Adelaide: Stuart Broad claimed two wickets as England took the honors on Thursday's opening day of the second Ashes Test, restricting Australia to 273 for 5 on a docile pitch made for scoring runs.
Skipper Michael Clarke, who won the toss and chose to bat, was unbeaten on 48 at stumps, having shared an important 83-run fifth-wicket stand with George Bailey (53) after Australia had lost three quick wickets just before tea, negating a strong start which saw the hosts coast to 155 for 1.
Australia's top-order all made starts but were out to poor shots, except Steve Smith who was bowled by recalled spinner Monty Panesar. England could have been in an even better position but dropped three catches in the last session including Michael Carberry's sitter at backward point off Brad Haddin just before stumps.
England will be satisfied with their effort after a 121-run stand between half-centurions Watson and Rogers threatened to build a big first-innings total.
Haddin, who also survived a DRS referral for lbw against Broad and another dropped chance in the next over, was not out on seven at stumps.
Clarke had no hesitation in choosing to bat for the second time in the series and, after losing David Warner (29) to a rash shot against Broad (2 for 63) early, Australia was dominating on a flat wicket that didn't offer much assistance to the bowlers.
Chris Rogers (72) and Shane Watson (51) put on 121 for the second wicket before Jimmy Anderson and Graeme Swann struck five balls apart.
Anderson took a low, return catch to dismiss Watson (51) and break the 121-run second-wicket stand, and Swann had Rogers (72) well caught by wicketkeeper Matt Prior in the next over as Australia slumped to 155 for 3.
"The wicket is harder to bat on than we originally thought," Rogers said. "It was OK early, but then towards the back end of Shane and my partnership, a bit of reverse swing was playing tricks. Hopefully the wicket will get tougher as it goes on."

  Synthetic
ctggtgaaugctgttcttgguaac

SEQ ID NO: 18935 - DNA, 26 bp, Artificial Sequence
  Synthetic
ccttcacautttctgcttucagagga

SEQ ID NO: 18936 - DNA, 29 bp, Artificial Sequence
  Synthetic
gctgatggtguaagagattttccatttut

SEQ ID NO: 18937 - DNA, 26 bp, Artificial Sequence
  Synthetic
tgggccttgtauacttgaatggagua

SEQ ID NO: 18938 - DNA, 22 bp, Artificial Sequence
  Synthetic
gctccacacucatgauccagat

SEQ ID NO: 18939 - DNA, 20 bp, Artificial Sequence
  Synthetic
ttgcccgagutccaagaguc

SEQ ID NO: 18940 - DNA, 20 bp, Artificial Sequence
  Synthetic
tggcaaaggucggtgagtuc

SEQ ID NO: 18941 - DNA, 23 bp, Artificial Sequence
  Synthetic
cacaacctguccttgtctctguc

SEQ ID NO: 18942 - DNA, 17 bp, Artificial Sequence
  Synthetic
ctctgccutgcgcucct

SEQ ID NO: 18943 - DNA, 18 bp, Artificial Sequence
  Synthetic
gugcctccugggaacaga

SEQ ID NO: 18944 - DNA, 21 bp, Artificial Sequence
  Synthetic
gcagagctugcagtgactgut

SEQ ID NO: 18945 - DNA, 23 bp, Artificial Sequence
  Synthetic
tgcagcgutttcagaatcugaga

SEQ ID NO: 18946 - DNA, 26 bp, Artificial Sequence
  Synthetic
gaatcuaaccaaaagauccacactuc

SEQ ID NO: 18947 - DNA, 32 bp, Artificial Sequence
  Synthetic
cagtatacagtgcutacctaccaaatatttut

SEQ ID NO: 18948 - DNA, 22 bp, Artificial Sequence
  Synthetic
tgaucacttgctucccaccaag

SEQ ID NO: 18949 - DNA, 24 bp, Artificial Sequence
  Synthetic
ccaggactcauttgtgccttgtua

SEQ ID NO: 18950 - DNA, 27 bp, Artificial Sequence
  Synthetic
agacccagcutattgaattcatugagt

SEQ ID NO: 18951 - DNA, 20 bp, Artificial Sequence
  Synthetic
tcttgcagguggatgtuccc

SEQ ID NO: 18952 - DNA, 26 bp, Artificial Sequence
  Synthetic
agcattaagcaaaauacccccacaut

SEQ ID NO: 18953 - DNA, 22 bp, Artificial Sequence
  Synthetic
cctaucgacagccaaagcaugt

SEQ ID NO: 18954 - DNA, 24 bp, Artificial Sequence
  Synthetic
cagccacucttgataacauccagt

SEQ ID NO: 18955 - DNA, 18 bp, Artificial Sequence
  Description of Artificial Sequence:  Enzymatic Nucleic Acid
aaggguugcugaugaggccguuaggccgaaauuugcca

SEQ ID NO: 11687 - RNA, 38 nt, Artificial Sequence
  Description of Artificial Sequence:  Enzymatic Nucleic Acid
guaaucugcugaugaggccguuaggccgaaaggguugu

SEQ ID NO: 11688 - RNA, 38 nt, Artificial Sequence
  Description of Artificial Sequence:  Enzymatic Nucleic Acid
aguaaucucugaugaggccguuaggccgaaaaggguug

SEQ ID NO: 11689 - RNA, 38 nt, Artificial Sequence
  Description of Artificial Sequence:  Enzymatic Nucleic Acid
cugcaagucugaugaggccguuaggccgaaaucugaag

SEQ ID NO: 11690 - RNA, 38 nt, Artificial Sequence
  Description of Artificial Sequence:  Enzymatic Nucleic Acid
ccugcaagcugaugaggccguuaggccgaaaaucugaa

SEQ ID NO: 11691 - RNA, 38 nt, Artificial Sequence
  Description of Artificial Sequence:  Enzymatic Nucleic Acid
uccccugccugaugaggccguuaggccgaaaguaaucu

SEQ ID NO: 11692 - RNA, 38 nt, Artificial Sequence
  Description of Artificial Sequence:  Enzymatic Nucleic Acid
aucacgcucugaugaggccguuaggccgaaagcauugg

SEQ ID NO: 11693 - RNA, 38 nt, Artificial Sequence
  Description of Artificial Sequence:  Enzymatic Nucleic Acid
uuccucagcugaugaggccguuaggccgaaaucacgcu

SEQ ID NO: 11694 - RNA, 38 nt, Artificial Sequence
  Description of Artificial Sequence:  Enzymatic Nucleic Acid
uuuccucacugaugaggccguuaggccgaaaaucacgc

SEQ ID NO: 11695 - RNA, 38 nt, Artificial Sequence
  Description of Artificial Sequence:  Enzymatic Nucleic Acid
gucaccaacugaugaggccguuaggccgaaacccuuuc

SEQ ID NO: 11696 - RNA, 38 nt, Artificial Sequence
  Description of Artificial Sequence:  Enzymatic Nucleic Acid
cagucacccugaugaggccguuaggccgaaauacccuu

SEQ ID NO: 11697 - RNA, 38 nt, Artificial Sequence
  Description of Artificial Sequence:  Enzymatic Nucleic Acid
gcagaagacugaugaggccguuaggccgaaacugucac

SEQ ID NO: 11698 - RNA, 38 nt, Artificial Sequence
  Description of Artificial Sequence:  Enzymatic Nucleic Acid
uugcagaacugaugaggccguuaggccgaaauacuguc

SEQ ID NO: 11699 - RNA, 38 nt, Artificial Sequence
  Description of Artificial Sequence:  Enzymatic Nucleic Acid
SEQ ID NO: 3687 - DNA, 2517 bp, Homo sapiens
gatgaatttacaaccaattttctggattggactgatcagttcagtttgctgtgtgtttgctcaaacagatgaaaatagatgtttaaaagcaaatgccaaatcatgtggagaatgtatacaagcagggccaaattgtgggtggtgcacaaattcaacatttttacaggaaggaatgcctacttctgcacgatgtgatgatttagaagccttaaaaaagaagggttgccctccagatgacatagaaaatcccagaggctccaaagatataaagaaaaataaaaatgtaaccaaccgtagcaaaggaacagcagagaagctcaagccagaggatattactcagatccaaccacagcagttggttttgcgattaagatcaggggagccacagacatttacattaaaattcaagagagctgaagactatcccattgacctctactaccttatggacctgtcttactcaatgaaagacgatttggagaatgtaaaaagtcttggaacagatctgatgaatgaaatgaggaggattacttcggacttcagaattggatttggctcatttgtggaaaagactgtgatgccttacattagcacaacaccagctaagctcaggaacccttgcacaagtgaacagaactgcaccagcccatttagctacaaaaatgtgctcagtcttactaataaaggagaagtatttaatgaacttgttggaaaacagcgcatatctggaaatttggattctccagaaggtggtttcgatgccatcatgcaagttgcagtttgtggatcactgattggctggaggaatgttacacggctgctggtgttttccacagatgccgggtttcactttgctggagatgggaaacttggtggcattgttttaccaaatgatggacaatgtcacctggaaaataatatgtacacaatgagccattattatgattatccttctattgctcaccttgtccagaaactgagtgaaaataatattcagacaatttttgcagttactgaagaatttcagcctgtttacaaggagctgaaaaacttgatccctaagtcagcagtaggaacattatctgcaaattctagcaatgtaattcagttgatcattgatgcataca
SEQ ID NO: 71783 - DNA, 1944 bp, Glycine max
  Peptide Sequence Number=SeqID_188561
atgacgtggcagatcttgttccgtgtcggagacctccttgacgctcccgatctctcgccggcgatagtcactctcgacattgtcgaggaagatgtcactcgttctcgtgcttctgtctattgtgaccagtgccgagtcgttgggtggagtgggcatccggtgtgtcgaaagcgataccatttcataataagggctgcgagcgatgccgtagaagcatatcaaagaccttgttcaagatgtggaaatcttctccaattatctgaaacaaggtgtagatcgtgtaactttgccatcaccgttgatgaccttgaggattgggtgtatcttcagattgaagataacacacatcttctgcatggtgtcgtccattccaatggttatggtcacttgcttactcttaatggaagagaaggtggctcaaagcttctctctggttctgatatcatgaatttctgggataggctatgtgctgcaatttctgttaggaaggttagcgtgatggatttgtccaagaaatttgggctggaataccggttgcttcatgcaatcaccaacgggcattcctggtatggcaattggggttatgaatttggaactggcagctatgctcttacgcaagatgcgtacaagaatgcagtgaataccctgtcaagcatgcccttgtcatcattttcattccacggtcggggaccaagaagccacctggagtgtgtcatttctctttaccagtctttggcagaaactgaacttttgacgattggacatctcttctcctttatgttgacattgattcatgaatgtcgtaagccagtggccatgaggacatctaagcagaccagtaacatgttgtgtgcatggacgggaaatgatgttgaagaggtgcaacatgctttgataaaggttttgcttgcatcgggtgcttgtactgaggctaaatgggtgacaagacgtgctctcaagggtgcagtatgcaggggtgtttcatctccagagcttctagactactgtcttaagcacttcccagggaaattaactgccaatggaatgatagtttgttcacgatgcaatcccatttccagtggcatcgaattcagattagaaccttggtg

Panesar, recalled for his first Ashes Test since 2009, compounded Australia's slide when he bowled Smith (6) on the last ball before tea.
But he grassed one of two chances early in the evening session that let Australia off the hook.
Panesar put down a caught-and-bowled chance he should have held when Bailey was on 10, and Australia was 190-4.
Bailey responded by hitting a six back over Panesar's head in the next over to take Australia's total past 200.
Clarke, who was averaging 103.6 in nine previous Tests at the Adelaide Oval, was on 19 when he chipped a Swann ball to midwicket but Joe Root was unable to take a difficult chance.
Clarke had a nervous moment on 23 when Swann deflected a drive from Bailey onto the stumps at the bowler's end and appealed for a run out, but the TV umpire ruled that the Australian captain had grounded his bat just in time.
Bailey, who averages 55 in 35 ODIs, was shaky early but posted his maiden Test half century in just his second Test with a pulled six off Broad.
He also hit Panesar for two straight sixes - one at each end - in racing to 52 from 79 balls but he was tempted to hook at a Broad short ball and Swann took a good catch at square leg to end the partnership.
While Australia kept an unchanged lineup after a big win in the series-opener, England was forced into three changes to accommodate the loss of Jonathan Trott, who left the tour with a stress-related illness.
Root will move up the batting order to fill his spot at No. 3, while New Zealand-born Ben Stokes earned his first cap and Panesar was recalled to work in a spin tandem with Swann on a pitch that will keep low for the duration.
Stokes had 0 for 26 and was the only English bowler not to pick up a wicket on the first day.
Despite failing to make the most of the conditions on Thursday, Australia was still in a better position than it was in the previous Ashes Test at the ground in 2010 when it won the toss and was all out for 245 on the opening day. England won that Test by an innings and went on to claim the Ashes on Australian soil for the first time in 24 years.